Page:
param=${param:-$(read -p "Enter parameter: "; echo "$REPLY")}
2011-09-08 20:48:31
User: frans
Functions: echo read

Can be used for command line parameters too.

If you have a more complicated way of entering values (validation, GUI, ...), then write a function i.e. EnterValue() that echoes the value and then you can write:

mkfifo foo; script -f foo
2011-09-08 02:51:44
User: realist
Functions: mkfifo script

One person does `mkfifo foo; script -f foo' and another can supervise real-time what is being done using `cat foo'.

(trap 'true' ERR; exec <SEGFAULT_PRONE_PROGRAM>)
2011-07-25 02:30:52
User: h3xx
Functions: exec trap
Tags: trap script error

Crash Override, man!

Apparently the exec call tricks BASH into setting the output buffer size to 0 under the assumption that the system (or the calling shell) will handle the output buffering. trapping the ERR signal will stop the subshell from dying and sending the ERR signal to the main script--which will terminate immediately if it does--when the program fails.

The only problem is that the kernel will output a whole bunch of stack trace garbage directly to the console device once the process segfaults, so there's no way to prevent it from being output [that I know of].

history | tail -(n+1) | head -(n) | sed 's/^[0-9 ]\{7\}//' >> ~/script.sh
2011-06-08 13:40:58
Functions: head sed tail

Uses history to get the last n+1 commands (since this command will appear as the most recent), then strips out the line number and this command using sed, and appends the commands to a file.

mydir=$(cd $(dirname ${BASH_SOURCE:-$0});pwd)
2011-04-27 16:33:38
User: xeor
Functions: cd dirname
Tags: cd script pwd

I submitted a command like this without $0 if $BASH_SOURCE is unset. Therefor, it did only work when using ./script, not using 'sh script'. This version handles both, and will set $mydir in a script to the current working directory. It also works on linux, osx and probably bsd.

script -qf >(nc -ub 5000)
ssh -T [email protected] < script.sh
2011-01-10 20:09:55
User: dlebauer
Functions: ssh

Run local scripts on remote server. "-T Disable pseudo-tty allocation"

script -qf | tee >(nc -kl 5000) >(nc -kl 5001) >(nc -kl 5002)
2010-10-11 07:55:30
User: clvv
Functions: script tee
Tags: tee pipe script nc

run 'nc yourip 5000', 'nc yourip 5001' or 'nc yourip 5002' elsewhere will produce an exact same mirror of your shell. This is handy when you want to show someone else some amazing stuff in your shell without giving them control over it.

find "$1" -iname "*$2*"
find . -iname \*${MYVAR}\* -print
2010-08-04 05:43:51
User: Buzzcp
Functions: find

You define your variable MYVAR with the desired search pattern:


...which can then be searched with the find command.

This is useful if you in a script, where you want the arguments to be fed into the find command.

The provided search is case insensitive (-iname) and will find all files and directories with the pattern MYVAR (not exact matches). This may go without saying, but if you want exact matches remove the \* and if you want case sensitive, use the -name argument.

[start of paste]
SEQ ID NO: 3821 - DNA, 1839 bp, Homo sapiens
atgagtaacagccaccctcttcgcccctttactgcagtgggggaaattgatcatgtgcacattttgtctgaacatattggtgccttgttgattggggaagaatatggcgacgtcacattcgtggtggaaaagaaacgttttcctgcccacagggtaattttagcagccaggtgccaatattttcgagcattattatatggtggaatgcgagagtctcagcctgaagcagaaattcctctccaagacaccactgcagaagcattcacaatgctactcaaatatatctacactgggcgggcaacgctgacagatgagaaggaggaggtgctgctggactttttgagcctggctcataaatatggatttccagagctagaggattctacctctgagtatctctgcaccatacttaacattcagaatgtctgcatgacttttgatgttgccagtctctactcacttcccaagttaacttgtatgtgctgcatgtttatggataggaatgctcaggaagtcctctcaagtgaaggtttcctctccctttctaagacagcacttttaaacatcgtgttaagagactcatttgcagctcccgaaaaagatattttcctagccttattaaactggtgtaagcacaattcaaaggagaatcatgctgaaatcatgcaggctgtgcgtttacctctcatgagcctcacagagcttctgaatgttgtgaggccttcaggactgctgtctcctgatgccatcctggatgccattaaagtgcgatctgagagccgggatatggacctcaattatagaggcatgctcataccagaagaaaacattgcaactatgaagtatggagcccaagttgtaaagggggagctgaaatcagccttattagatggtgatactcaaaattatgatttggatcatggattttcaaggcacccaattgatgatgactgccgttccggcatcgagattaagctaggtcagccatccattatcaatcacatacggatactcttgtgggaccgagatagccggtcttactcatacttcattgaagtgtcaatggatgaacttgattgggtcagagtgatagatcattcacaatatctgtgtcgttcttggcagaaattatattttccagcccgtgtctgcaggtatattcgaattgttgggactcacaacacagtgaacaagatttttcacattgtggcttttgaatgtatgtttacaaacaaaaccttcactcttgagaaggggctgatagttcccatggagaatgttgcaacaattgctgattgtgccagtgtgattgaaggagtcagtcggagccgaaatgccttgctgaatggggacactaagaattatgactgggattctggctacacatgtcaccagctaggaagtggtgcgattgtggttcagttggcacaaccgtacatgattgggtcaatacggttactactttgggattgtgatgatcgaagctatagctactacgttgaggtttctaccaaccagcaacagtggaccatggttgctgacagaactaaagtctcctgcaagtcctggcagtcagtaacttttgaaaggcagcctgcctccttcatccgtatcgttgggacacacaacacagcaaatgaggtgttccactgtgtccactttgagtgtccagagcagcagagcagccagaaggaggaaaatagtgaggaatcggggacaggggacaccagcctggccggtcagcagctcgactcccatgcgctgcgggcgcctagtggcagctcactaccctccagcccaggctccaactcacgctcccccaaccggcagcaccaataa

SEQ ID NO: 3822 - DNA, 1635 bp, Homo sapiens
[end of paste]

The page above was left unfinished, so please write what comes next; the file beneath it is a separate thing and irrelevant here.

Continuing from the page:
curl --cookie name=<cookie_value> --data-urlencode name=my_post_key=<post_key>\&delete=1\&submit=Delete+Now\&action=deletepost\&pid=$c --user-agent Firefox\ 3.5 --url http://url/editpost.php?my_post_key=<post_key>\&delete=1\&submit=Delete+Now\&action=dele
2010-07-14 01:50:48
User: mrlockfs

As a user, deletes all your posts from a MyBB board (provided you have the search page listings of all your posts saved into the same directory this command is run from). Full command:

for i in *; do cat $i | grep pid | sed -e 's/;/\ /g' -e 's/#/\ /g' -e 's/pid=/\ /g' | awk -F ' ' '{print $2}' >> posts.txt; done; for c in `cat posts.txt`; do curl --cookie name= --data-urlencode name=my_post_key=\&delete=1\&submit=Delete+Now\&action=deletepost\&pid=$c --user-agent Firefox\ 3.5 --url http://url/editpost.php?my_post_key=\&delete=1\&submit=Delete+Now\&action=deletepost\&pid=$c; sleep 2s; done; echo

(IFS=; sed 's/^[]0;[^^G]*^G/^M/g' <SessionLog> | while read -n 1 ITEM; do [ "$ITEM" = "^M" ] && ITEM=$'\n'; echo -ne "$ITEM"; sleep 0.05; done; echo)
2010-01-20 16:11:32
User: jgc
Functions: echo read sed sleep
Tags: read script

This command will play back each keystroke in a session log recorded using the script command. You'll need to replace the ^[ ^G and ^M characters with CTRL-[, CTRL-G and CTRL-M. To do this you need to press CTRL-V CTRL-[ or CTRL-V CTRL-G or CTRL-V CTRL-M.

You can adjust the playback typing speed by modifying the sleep.

If you're not bothered about seeing each keypress then you could just use:

cat session.log
[ -t 0 ] || exit 1
2009-11-20 23:14:49
User: cfajohnson
Functions: exit
Tags: shell script

Exit with error if script is not run in a terminal

tty > /dev/null 2>&1 || { aplay error.wav ; exit 1 ;}
2009-11-04 16:18:00
User: johnraff
Functions: aplay exit tty
Tags: shell script

If your script needs to be run in a terminal, this line at the top will stop it running if you absent-mindedly double-click the icon, perhaps intending to edit it. (Of course this won't help with scripts that run in the background.)